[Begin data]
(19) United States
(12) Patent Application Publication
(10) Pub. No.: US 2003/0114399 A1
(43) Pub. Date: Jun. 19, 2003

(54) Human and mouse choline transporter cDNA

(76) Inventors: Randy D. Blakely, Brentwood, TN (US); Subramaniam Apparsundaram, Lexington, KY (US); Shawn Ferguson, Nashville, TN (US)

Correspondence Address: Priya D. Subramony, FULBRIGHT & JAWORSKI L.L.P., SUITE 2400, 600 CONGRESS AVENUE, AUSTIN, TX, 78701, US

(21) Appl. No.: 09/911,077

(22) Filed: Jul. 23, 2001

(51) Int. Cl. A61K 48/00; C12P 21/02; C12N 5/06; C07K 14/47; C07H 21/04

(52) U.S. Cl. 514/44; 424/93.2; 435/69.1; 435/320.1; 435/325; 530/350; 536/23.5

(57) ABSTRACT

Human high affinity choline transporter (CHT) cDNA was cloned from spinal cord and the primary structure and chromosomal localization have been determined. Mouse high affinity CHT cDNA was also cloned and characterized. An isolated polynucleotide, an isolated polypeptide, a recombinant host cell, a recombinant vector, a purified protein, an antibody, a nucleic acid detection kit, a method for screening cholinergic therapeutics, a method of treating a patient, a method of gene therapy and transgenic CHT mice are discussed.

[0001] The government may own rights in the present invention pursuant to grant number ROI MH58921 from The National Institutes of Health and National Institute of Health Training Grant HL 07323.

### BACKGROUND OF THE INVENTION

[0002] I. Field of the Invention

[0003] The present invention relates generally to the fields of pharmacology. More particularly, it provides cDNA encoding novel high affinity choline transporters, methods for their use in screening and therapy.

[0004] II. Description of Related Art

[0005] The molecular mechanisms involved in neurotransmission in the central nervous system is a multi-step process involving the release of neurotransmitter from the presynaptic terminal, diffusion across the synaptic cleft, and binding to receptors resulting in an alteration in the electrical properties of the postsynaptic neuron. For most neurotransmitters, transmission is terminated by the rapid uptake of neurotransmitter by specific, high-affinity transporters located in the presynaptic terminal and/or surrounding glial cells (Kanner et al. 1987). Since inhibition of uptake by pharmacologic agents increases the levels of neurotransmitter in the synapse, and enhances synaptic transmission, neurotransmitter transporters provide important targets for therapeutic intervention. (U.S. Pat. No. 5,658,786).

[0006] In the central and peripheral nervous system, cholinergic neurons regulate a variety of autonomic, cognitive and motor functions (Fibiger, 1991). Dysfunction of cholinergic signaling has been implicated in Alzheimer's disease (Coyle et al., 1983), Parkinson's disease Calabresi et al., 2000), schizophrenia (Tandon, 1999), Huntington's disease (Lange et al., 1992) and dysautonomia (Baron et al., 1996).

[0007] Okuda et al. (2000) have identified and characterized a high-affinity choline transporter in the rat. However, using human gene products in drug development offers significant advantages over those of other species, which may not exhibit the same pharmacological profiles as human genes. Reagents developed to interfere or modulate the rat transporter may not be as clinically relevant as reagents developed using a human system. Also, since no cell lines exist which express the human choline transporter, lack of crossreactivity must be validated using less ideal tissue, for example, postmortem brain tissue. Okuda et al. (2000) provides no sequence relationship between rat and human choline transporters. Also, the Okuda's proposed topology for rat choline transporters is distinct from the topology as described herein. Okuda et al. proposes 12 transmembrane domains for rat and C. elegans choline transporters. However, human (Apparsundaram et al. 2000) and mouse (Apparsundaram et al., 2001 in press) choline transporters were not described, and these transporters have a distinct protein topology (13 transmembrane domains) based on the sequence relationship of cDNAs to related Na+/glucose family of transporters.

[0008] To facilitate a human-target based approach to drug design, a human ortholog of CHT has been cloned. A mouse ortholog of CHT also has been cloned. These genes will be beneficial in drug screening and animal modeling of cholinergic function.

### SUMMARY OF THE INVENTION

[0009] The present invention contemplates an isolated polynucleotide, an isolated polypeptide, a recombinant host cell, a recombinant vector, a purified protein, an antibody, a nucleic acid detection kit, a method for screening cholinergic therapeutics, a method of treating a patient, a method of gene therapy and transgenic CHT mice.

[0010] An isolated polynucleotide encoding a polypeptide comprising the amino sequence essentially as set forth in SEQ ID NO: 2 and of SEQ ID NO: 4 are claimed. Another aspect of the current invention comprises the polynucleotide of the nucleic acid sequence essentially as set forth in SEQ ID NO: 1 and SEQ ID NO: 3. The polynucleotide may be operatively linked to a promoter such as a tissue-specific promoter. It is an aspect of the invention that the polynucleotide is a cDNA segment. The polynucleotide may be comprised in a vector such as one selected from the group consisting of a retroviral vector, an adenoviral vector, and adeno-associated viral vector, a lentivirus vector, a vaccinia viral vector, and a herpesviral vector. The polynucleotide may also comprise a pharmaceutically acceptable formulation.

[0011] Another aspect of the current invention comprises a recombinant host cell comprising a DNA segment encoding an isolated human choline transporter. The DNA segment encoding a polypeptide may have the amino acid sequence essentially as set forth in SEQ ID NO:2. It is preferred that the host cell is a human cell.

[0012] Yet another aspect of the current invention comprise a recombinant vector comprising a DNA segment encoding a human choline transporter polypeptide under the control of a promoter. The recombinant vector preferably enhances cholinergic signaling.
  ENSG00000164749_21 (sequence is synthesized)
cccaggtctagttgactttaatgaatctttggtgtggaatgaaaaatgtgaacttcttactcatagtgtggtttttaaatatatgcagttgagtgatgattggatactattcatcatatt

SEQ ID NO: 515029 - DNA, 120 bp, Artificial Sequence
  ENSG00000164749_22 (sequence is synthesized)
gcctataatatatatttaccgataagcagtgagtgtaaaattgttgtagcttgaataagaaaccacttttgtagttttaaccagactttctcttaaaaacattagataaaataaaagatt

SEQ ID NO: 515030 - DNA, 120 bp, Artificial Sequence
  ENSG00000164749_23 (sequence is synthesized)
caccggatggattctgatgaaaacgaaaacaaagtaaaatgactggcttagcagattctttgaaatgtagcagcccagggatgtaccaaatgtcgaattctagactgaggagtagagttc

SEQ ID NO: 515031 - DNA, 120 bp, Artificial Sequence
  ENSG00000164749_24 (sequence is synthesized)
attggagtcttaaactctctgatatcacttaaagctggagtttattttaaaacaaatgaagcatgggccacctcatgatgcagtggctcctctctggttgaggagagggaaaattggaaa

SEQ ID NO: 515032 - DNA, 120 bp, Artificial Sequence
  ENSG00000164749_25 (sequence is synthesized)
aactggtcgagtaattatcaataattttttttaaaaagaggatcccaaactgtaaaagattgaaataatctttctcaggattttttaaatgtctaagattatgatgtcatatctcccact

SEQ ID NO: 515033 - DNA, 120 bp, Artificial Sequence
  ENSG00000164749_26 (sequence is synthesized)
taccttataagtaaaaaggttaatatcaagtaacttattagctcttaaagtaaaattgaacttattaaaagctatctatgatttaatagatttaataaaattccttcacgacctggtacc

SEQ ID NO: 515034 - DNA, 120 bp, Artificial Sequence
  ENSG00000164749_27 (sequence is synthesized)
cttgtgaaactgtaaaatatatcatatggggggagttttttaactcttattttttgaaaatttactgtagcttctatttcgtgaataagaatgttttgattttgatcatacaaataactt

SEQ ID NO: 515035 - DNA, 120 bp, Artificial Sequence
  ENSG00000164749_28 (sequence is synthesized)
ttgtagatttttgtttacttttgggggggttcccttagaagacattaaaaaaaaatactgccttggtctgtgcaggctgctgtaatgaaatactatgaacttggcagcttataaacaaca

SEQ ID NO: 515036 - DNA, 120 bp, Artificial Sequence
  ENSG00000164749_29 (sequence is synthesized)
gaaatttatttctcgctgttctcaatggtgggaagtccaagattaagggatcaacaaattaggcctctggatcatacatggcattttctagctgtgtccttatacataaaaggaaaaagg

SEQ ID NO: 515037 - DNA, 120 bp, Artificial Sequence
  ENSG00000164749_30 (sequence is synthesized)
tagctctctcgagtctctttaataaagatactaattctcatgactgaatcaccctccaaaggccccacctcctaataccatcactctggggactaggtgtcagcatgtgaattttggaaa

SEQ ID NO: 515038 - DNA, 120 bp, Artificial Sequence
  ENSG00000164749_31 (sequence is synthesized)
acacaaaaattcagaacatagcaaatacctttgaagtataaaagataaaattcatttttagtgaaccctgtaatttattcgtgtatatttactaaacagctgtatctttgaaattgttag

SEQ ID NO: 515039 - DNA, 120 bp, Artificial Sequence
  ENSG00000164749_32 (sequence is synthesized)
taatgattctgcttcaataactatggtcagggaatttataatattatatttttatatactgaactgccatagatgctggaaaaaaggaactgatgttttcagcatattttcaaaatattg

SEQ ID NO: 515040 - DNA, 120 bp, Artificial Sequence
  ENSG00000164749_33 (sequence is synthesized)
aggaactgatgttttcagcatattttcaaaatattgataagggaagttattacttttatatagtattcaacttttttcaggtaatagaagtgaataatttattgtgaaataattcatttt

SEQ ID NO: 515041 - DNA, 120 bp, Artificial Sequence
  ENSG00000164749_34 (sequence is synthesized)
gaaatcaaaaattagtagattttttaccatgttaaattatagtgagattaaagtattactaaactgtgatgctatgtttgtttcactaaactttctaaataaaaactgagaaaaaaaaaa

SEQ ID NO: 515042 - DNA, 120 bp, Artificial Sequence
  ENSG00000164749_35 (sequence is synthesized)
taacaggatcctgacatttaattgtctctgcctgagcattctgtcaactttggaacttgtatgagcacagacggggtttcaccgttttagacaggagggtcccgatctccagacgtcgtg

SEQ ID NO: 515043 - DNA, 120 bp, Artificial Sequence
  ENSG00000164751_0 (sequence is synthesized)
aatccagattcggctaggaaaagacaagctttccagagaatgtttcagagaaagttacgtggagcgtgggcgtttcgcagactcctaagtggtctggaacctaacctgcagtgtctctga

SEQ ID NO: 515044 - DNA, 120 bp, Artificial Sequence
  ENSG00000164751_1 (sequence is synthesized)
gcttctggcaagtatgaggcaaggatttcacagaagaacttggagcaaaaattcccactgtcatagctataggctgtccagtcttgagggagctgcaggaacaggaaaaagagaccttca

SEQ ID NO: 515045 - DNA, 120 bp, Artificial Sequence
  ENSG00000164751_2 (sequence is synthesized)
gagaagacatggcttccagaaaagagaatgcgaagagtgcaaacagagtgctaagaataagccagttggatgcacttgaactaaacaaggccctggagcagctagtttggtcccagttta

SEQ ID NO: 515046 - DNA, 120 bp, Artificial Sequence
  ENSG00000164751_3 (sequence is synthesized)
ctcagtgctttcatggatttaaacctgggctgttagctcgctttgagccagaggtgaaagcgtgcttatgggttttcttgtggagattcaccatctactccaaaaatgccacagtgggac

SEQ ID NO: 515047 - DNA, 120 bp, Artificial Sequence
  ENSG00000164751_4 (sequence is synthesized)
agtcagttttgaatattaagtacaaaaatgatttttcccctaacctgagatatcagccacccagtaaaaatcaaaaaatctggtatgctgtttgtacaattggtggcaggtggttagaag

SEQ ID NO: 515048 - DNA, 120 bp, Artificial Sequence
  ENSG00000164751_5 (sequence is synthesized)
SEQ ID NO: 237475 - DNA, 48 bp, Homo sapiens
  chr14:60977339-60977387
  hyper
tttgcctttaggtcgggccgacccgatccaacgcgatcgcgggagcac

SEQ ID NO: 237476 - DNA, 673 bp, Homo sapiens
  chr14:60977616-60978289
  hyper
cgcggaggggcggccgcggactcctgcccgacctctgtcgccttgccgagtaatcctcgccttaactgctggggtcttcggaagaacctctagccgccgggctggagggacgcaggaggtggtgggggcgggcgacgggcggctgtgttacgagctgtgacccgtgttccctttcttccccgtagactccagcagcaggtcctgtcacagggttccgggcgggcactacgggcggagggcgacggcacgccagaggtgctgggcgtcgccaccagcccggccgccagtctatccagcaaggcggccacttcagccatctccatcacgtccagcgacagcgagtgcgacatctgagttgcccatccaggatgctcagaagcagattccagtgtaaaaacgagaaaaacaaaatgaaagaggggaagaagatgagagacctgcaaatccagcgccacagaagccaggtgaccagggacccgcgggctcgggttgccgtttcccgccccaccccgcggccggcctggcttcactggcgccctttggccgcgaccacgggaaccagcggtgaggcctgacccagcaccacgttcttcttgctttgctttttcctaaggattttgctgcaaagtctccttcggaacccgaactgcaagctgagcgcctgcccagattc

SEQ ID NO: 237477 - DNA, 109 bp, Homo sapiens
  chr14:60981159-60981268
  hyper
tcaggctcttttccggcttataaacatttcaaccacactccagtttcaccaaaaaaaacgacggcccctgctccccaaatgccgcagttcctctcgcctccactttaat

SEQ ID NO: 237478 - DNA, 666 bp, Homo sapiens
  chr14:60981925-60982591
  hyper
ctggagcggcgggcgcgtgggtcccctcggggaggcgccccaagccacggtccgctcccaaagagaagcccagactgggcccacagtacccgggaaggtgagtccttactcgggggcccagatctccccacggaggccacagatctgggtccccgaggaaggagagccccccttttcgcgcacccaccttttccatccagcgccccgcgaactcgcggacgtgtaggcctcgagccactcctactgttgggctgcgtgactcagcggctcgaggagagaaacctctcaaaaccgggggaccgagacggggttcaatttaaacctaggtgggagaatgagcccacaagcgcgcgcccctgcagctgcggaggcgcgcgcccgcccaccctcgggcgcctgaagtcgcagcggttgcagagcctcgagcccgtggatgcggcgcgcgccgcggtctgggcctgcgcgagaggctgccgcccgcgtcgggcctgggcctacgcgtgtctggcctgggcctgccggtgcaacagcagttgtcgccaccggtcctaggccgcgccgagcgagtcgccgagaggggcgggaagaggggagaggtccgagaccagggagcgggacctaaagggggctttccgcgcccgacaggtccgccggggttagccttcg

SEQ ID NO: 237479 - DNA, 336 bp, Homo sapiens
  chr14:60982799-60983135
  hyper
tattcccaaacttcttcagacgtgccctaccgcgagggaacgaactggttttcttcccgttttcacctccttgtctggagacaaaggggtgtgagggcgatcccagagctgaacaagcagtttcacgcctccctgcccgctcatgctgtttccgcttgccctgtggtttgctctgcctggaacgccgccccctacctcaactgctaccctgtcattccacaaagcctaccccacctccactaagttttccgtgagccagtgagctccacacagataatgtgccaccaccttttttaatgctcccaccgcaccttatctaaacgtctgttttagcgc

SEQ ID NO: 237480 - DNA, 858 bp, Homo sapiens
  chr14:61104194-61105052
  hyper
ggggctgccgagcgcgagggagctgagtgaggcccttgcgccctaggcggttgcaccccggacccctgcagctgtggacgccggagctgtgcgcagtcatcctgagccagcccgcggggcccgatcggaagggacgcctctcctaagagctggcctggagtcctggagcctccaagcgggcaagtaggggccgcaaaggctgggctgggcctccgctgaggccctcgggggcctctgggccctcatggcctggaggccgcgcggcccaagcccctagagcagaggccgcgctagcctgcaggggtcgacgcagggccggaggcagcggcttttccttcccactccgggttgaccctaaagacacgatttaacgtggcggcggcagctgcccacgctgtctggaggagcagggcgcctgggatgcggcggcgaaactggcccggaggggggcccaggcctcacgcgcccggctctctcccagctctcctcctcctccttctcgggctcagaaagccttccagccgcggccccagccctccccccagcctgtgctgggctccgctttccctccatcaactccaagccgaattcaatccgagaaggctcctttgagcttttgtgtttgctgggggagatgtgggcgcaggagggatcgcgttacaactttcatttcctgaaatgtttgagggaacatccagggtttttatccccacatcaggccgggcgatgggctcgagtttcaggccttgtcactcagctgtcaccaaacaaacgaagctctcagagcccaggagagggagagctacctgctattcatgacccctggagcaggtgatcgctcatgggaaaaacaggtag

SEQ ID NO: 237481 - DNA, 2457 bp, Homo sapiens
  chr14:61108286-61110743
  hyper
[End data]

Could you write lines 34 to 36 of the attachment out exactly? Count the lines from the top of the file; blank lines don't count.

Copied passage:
  ENSG00000164749_23 (sequence is synthesized)
caccggatggattctgatgaaaacgaaaacaaagtaaaatgactggcttagcagattctttgaaatgtagcagcccagggatgtaccaaatgtcgaattctagactgaggagtagagttc

SEQ ID NO: 515031 - DNA, 120 bp, Artificial Sequence